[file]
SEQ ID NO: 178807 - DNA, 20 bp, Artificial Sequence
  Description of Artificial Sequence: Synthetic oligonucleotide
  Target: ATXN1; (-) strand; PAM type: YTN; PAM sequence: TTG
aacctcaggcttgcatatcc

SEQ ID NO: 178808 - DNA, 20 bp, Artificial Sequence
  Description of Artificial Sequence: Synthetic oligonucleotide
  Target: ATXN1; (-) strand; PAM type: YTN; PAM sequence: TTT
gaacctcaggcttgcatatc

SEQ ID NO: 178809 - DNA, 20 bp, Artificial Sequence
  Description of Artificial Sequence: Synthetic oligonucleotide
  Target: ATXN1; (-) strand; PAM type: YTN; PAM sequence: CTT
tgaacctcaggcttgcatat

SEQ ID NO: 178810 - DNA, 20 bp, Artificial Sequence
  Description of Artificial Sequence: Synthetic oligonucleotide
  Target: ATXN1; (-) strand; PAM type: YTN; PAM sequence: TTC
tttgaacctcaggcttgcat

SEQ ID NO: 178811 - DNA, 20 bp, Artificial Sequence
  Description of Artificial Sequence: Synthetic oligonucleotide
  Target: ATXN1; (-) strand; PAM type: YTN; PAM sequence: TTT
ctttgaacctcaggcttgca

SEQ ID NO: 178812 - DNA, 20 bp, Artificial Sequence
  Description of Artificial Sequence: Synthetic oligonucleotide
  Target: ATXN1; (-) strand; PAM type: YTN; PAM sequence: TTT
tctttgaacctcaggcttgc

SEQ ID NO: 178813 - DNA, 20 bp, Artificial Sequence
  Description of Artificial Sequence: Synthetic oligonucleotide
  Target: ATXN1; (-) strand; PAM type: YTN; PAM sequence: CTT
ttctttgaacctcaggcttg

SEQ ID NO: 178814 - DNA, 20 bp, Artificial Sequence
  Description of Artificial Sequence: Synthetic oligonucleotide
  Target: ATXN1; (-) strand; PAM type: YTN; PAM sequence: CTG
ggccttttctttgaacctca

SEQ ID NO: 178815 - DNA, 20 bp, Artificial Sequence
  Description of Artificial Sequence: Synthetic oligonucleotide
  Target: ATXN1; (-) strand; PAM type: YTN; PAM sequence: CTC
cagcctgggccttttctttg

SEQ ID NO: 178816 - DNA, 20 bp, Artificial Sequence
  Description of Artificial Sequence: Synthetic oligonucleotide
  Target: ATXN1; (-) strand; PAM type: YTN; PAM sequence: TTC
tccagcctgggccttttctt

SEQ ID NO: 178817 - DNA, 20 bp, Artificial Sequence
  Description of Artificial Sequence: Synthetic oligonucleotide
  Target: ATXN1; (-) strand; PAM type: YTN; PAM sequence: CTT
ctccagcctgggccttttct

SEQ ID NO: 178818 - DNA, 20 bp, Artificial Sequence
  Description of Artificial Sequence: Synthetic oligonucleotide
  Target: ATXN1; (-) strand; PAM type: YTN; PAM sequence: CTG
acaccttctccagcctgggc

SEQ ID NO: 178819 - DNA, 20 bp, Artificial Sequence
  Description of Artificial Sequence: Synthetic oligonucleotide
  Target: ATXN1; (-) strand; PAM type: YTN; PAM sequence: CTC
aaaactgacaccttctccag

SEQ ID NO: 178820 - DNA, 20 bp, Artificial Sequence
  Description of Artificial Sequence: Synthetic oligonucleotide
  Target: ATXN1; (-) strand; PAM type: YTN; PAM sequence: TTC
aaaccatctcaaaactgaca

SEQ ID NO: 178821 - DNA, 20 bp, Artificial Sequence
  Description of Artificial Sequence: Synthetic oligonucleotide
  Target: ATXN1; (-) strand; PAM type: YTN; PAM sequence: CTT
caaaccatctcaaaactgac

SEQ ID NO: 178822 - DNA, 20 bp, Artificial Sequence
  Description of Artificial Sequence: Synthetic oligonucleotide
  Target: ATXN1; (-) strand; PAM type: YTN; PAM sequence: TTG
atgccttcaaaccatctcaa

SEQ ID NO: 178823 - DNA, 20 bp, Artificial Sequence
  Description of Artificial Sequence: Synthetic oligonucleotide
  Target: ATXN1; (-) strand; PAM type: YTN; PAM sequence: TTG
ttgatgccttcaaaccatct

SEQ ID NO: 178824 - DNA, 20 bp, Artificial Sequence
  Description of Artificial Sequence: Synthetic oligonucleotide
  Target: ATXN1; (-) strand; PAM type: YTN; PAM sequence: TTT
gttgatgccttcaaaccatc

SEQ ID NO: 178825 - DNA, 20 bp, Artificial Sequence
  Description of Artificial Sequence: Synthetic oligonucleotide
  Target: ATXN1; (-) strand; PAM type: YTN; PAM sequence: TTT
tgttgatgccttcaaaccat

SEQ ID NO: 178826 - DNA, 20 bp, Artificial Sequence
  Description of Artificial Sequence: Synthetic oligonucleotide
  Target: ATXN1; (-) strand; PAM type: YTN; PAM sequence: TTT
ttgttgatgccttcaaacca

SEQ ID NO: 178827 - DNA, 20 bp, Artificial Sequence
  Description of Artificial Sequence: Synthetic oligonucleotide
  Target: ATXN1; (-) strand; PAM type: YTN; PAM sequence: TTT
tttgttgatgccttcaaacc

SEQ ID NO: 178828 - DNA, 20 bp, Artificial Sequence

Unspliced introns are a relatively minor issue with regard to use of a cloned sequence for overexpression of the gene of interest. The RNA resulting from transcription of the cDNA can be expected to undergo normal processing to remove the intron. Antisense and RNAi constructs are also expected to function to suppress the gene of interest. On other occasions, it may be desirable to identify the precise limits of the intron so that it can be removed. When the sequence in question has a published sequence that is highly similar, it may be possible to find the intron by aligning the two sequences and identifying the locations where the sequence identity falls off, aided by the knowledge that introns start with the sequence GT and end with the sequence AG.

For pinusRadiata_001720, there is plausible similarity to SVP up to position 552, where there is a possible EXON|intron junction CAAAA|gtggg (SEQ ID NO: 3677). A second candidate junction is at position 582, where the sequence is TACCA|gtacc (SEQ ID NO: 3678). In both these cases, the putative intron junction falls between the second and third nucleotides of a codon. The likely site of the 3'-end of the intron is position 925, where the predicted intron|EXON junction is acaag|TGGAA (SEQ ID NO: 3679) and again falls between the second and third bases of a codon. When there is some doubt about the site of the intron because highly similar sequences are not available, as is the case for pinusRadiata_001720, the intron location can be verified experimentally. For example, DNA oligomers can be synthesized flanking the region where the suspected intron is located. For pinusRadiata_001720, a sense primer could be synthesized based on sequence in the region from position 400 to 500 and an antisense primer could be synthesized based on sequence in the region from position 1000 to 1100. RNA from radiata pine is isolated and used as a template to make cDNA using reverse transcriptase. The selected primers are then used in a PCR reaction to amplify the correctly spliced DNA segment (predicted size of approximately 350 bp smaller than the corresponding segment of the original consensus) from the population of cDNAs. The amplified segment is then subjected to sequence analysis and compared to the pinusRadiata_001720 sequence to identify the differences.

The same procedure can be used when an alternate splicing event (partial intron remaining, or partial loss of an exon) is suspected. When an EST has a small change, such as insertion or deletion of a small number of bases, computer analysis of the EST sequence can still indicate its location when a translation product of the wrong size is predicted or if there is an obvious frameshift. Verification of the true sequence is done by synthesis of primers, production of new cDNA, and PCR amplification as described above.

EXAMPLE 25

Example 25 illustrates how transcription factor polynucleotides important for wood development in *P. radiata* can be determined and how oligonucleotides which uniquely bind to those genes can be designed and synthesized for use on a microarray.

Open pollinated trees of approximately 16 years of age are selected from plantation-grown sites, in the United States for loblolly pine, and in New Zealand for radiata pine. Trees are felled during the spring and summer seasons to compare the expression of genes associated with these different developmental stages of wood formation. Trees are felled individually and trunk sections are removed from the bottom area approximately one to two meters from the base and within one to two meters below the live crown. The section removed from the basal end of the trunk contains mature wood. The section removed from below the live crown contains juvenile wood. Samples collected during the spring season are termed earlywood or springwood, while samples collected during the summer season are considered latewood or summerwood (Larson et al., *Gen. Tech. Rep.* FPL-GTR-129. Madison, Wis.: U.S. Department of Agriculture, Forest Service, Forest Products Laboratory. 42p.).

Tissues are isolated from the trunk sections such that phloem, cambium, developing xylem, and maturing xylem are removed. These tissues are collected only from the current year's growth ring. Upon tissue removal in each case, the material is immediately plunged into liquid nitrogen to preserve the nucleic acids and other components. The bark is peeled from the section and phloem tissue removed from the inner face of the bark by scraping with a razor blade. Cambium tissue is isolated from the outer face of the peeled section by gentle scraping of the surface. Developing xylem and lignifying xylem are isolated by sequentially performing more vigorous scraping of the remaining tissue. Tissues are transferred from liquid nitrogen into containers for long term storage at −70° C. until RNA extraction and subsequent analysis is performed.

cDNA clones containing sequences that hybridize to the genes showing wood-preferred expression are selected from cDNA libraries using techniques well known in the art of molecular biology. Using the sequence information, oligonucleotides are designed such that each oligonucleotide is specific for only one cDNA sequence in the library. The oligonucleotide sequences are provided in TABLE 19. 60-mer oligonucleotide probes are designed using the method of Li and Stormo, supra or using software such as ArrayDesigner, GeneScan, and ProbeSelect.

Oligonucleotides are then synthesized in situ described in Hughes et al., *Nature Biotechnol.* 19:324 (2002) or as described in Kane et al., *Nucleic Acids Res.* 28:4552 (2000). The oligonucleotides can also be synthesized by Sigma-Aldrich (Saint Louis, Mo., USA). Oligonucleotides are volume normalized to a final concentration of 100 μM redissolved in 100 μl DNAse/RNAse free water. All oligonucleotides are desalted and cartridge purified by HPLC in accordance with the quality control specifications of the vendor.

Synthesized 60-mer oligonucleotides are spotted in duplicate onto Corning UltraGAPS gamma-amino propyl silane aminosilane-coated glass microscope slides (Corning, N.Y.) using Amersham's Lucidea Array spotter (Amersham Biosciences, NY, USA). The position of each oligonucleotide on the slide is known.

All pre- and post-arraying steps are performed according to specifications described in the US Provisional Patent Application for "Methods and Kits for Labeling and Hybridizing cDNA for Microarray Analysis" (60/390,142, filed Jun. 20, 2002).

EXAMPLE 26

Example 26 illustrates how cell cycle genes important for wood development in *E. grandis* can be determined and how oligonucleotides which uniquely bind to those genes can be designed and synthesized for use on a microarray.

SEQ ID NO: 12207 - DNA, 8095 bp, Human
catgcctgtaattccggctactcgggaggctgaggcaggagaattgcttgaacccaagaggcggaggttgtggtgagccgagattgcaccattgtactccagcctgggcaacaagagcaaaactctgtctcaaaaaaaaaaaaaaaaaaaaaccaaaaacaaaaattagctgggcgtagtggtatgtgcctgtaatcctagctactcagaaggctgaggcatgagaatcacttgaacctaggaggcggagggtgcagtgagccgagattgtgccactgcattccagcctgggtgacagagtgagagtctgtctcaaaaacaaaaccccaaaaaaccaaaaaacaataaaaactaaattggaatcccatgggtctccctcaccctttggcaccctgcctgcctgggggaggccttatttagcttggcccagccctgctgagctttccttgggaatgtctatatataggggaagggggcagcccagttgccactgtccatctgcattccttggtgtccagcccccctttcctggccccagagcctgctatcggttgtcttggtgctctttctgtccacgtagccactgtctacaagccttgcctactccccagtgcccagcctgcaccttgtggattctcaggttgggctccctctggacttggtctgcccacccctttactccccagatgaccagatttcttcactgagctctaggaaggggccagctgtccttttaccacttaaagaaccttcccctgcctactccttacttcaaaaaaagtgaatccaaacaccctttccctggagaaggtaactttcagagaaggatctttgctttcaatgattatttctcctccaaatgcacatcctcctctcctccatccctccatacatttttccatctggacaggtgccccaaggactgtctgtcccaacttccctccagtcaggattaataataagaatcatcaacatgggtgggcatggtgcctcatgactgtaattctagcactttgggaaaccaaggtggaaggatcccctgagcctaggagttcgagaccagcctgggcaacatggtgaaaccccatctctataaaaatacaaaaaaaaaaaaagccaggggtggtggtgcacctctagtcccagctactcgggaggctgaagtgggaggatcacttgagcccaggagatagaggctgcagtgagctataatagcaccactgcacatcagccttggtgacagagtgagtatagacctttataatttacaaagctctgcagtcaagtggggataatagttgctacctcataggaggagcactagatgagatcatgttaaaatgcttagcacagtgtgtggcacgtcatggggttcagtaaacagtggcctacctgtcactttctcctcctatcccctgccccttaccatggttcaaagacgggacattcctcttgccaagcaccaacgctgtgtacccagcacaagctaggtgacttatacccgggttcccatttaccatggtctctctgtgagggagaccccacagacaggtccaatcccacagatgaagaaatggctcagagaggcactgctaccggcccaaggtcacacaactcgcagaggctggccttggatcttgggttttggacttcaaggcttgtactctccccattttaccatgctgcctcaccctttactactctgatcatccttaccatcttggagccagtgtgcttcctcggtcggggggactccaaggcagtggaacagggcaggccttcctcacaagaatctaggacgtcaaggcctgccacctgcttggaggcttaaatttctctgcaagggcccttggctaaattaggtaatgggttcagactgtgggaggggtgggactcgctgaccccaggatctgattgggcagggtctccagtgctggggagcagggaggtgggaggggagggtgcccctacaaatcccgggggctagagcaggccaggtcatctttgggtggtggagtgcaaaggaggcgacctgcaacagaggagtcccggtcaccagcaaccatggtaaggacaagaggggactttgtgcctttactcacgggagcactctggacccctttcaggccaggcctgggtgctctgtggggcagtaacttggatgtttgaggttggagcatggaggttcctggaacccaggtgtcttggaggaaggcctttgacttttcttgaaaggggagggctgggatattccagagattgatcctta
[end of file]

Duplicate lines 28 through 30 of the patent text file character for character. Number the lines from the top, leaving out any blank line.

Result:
ttctttgaacctcaggcttg

SEQ ID NO: 178814 - DNA, 20 bp, Artificial Sequence
  Description of Artificial Sequence: Synthetic oligonucleotide